Dual-fuel generators are useful for homeowners who want to choose their fuel based on their current needs, such as noise level or power output. For example, if you have a dual-powered generator that can run on natural gas or gasoline, you may use natural gas when you want it to run more quietly and smoothly and gasoline when you need a greater electrical output. Fuel availability may also be a factor. If you run out of natural gas but have more gasoline on hand, for example, a dual-powered generator can save you from having to go out and find more natural gas.

Natural gas generator installation and maintenance

Connecting and securing a standby natural gas generator to your energy lines can take a professional up to six hours to complete. That’s on top of about 18-20 hours of work by electricians to connect the generator to your home’s electrical wiring and perform necessary electrical tests. The skilled labor, materials, and overhead required for natural gas generator installation can cost about 75% of the generator itself. The cost may be even higher if the house’s electrical circuit needs to be updated.

Once the generator has been installed, you’ll need to perform some routine maintenance to make sure your generator is constantly ready for peak performance. Ideally, you should run your generator every week for 15 to 20 minutes. This allows the lubricating oil to heat up and circulate around the engine. About once a month, you should also check fuel and coolant levels. Every 6 months to a year, you need to hire a certified technician to perform a more detailed check.

Expect to pay a couple of hundred dollars per year on maintenance and fuel costs. Repair costs are difficult to estimate in advance, but always be prepared for larger expenses, especially when the generator is later in life. Natural gas generators can last for decades with proper maintenance, but over time the engine gets worn down, leading to necessary repairs.

Is a natural gas generator right for you?

Once you fully understand the advantages and disadvantages of a natural gas generator, you’ll need to decide if it’s right for your home. People who buy a natural gas generator tend to live in areas with frequent or long power outages that affect their daily lives. People who live in areas that frequently experience natural disasters may also benefit from a natural gas generator; however, if you live in an area with frequent earthquakes, which can damage gas lines, a different kind of generator may be a safer bet.

Buying a home generator is a significant investment. In addition to researching on your own, you may want to talk to a professional electrician or generator dealer about what kind of generator would best suit your home’s individual needs. Some prospective buyers find it helpful to talk with homeowners in their area who already own a generator. Finally, you will need to check local codes and your homeowners association’s rules to make sure the generator you choose does not violate any regulations.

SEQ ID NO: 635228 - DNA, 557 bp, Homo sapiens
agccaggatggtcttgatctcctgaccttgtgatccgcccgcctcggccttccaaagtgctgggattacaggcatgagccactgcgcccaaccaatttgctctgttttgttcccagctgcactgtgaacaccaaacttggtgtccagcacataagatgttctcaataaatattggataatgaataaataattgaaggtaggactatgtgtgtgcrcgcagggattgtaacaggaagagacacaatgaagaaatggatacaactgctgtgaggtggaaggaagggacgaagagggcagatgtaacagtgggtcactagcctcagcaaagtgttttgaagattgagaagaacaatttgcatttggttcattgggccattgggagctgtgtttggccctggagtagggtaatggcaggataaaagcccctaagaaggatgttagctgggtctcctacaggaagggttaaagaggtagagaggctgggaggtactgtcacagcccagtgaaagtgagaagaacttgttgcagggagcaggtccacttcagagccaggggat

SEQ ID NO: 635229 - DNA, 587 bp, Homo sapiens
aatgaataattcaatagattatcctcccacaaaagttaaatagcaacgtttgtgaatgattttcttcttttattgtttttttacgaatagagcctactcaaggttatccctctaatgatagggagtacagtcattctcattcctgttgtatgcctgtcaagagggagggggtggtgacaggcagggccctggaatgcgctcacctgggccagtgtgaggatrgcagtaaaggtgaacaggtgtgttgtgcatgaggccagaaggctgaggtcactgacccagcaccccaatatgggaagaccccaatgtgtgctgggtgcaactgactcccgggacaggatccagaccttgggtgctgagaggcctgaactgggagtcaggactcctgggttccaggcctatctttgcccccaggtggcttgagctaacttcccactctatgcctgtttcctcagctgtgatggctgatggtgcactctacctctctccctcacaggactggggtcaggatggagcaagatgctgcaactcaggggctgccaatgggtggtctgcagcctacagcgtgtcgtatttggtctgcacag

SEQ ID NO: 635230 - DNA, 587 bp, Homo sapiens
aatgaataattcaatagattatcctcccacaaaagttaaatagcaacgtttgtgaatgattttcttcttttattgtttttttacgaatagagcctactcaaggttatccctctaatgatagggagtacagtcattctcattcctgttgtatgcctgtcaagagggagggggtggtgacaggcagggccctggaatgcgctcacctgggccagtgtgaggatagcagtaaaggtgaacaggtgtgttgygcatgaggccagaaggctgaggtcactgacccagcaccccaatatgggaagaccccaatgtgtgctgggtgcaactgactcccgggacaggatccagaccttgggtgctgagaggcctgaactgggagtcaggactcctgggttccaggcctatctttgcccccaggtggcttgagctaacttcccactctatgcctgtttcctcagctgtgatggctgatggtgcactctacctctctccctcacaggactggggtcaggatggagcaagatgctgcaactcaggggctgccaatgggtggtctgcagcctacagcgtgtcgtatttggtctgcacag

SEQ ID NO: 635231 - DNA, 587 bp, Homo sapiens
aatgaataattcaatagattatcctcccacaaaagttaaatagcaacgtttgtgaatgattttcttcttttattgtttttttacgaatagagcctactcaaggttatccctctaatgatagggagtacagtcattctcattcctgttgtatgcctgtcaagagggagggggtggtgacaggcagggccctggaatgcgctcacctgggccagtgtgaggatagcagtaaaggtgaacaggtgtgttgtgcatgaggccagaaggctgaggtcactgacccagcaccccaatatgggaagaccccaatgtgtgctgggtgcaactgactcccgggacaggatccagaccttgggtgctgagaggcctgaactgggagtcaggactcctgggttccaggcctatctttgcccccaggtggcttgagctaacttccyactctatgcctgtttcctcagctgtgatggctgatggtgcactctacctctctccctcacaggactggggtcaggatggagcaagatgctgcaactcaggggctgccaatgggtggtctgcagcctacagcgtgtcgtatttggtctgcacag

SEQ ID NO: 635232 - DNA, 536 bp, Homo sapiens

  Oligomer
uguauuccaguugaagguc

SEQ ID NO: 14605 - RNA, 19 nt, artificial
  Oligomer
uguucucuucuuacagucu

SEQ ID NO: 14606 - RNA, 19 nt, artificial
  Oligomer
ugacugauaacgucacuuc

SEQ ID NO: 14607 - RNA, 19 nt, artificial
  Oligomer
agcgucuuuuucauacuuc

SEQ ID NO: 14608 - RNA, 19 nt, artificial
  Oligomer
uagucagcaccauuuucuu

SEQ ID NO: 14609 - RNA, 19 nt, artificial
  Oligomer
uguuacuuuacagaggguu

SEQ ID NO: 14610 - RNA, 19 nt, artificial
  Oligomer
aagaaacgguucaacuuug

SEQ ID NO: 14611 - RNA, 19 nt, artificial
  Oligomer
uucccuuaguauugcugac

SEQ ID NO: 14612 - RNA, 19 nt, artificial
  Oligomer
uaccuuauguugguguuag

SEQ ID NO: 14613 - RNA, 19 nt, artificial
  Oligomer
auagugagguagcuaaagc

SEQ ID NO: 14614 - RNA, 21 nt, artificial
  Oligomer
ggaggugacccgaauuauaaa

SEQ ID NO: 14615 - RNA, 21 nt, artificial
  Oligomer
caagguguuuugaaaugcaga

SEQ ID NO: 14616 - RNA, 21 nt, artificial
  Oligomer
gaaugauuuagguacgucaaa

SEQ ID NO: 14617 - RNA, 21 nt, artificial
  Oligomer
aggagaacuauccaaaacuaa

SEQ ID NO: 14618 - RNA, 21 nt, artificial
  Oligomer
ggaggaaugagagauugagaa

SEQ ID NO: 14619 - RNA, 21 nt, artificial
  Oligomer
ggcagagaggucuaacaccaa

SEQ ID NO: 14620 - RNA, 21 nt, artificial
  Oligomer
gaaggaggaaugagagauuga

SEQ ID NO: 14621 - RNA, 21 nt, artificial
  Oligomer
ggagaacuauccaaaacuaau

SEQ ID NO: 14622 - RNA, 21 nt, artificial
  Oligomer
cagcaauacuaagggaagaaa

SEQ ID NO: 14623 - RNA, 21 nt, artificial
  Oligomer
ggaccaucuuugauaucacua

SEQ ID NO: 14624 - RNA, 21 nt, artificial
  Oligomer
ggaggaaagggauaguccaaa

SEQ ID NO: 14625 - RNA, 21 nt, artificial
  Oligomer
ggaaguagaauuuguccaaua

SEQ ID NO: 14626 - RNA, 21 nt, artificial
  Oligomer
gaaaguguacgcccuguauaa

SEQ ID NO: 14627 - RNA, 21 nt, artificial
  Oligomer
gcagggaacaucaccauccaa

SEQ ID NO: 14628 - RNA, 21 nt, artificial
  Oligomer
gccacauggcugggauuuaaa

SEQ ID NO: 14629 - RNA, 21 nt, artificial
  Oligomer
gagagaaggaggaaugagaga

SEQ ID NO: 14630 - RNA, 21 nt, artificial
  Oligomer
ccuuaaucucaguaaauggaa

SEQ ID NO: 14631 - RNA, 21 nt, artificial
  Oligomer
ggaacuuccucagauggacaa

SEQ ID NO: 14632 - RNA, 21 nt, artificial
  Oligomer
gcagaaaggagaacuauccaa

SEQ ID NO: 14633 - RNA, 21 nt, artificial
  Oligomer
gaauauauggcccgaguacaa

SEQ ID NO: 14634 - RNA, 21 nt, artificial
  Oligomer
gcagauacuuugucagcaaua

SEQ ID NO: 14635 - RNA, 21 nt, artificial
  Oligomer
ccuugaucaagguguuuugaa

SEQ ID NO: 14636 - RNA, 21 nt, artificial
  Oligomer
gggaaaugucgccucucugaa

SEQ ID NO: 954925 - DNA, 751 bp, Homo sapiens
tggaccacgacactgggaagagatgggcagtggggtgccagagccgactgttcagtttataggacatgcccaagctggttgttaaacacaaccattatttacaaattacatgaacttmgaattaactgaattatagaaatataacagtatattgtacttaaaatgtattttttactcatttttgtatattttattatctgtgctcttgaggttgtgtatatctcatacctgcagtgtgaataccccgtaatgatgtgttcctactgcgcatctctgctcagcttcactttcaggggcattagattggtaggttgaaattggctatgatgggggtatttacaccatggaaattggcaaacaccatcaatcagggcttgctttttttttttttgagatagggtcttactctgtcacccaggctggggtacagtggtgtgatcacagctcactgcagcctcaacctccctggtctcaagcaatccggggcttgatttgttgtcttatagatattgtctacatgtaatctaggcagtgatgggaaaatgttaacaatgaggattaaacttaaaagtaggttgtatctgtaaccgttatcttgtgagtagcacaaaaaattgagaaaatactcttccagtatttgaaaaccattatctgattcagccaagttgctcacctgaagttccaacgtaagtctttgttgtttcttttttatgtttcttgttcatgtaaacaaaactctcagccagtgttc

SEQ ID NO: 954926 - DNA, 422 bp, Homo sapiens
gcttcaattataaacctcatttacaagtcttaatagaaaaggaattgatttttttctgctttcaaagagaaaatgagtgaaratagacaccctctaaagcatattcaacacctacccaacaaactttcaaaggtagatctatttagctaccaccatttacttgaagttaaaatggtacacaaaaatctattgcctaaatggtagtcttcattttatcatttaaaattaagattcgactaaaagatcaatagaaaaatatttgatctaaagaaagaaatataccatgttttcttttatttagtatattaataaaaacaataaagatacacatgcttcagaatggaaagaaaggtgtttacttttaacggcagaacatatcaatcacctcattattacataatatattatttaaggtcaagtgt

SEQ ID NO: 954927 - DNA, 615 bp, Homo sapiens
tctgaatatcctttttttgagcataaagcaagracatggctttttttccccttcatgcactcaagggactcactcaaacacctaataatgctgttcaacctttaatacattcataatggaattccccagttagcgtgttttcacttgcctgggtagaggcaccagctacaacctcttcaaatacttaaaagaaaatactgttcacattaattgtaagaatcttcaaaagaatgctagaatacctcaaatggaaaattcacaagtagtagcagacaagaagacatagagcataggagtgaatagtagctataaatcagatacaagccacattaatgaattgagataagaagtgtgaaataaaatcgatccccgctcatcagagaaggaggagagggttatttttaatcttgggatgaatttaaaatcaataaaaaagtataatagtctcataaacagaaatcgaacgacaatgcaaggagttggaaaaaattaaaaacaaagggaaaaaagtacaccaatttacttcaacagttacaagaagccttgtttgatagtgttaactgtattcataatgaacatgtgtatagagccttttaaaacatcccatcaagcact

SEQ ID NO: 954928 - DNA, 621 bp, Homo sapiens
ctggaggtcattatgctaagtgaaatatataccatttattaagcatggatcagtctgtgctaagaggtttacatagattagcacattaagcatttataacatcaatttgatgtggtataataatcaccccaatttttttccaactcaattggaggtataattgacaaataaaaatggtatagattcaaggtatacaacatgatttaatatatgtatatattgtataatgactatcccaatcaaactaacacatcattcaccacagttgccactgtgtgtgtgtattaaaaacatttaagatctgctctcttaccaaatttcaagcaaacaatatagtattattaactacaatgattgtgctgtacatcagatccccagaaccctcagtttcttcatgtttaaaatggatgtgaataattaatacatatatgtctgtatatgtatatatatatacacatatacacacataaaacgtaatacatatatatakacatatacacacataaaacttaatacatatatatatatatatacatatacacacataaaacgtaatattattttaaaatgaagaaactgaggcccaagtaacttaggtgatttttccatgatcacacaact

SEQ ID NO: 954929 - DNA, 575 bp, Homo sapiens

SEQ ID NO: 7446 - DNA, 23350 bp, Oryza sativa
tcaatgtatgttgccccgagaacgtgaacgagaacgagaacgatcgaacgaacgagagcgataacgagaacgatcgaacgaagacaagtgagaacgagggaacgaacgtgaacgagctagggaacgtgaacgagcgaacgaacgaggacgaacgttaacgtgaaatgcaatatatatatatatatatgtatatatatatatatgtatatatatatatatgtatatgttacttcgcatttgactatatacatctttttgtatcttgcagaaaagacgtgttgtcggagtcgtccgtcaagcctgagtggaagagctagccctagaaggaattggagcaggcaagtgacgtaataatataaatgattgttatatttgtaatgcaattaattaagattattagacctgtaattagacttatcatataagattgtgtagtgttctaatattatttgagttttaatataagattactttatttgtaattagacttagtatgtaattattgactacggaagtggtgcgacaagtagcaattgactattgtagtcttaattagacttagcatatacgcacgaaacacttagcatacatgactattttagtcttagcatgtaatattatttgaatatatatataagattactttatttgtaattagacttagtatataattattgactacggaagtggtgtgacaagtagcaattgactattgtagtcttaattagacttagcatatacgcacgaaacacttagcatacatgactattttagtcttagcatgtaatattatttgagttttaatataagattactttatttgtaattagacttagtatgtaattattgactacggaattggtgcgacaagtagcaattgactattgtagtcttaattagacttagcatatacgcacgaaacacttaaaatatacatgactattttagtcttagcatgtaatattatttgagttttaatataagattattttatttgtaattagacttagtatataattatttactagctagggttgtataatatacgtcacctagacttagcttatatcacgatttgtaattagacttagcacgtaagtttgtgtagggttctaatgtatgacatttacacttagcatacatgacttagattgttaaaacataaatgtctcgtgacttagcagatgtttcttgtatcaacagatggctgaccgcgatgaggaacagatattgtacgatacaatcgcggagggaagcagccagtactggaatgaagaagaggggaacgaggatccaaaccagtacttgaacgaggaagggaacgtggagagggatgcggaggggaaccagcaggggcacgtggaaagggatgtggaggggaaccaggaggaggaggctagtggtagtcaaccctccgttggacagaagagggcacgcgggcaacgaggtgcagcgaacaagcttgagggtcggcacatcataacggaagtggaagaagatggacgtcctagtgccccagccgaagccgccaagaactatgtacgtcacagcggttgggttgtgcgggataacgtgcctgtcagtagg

Sizing a natural gas generator

If you decide a natural gas generator is right for you, the next step is to determine the right size. This is an essential step when buying any home generator. If you buy a generator that is too large for your home, you will end up spending more money than necessary on your generator. On the other hand, if your generator is too small for your electrical needs, you run the risk of overloading your generator and damaging your appliances.

To correctly size your generator, start by deciding which appliances you would want to run during an outage. If you want to run all of your appliances, you’ll need a whole-house generator. For a less expensive option, consider buying a partial-house generator, which will only power your most important appliances. A critical load panel will automatically direct generator power to the most important devices, thus preventing an overload.

To calculate the size of the generator you need, find the starting wattage of each appliance you will want to power during an outage. You may find this number on a tag on the appliance or in the owner’s manual, or you may be able to find an estimate online. Add up the starting wattage of each device, and this will give you an estimate of how much electrical capacity your ideal generator will have. For a more exact estimate, consider hiring a professional electrician to calculate this number for you.

Alternatively, you can use AlltimePower’s free generator calculator to get a clear understanding of your power needs and how much you can expect to pay. We’ll also match you with reputable generator dealers in your area. If you choose to participate, local generator dealers will compete to give you the best price for a generator.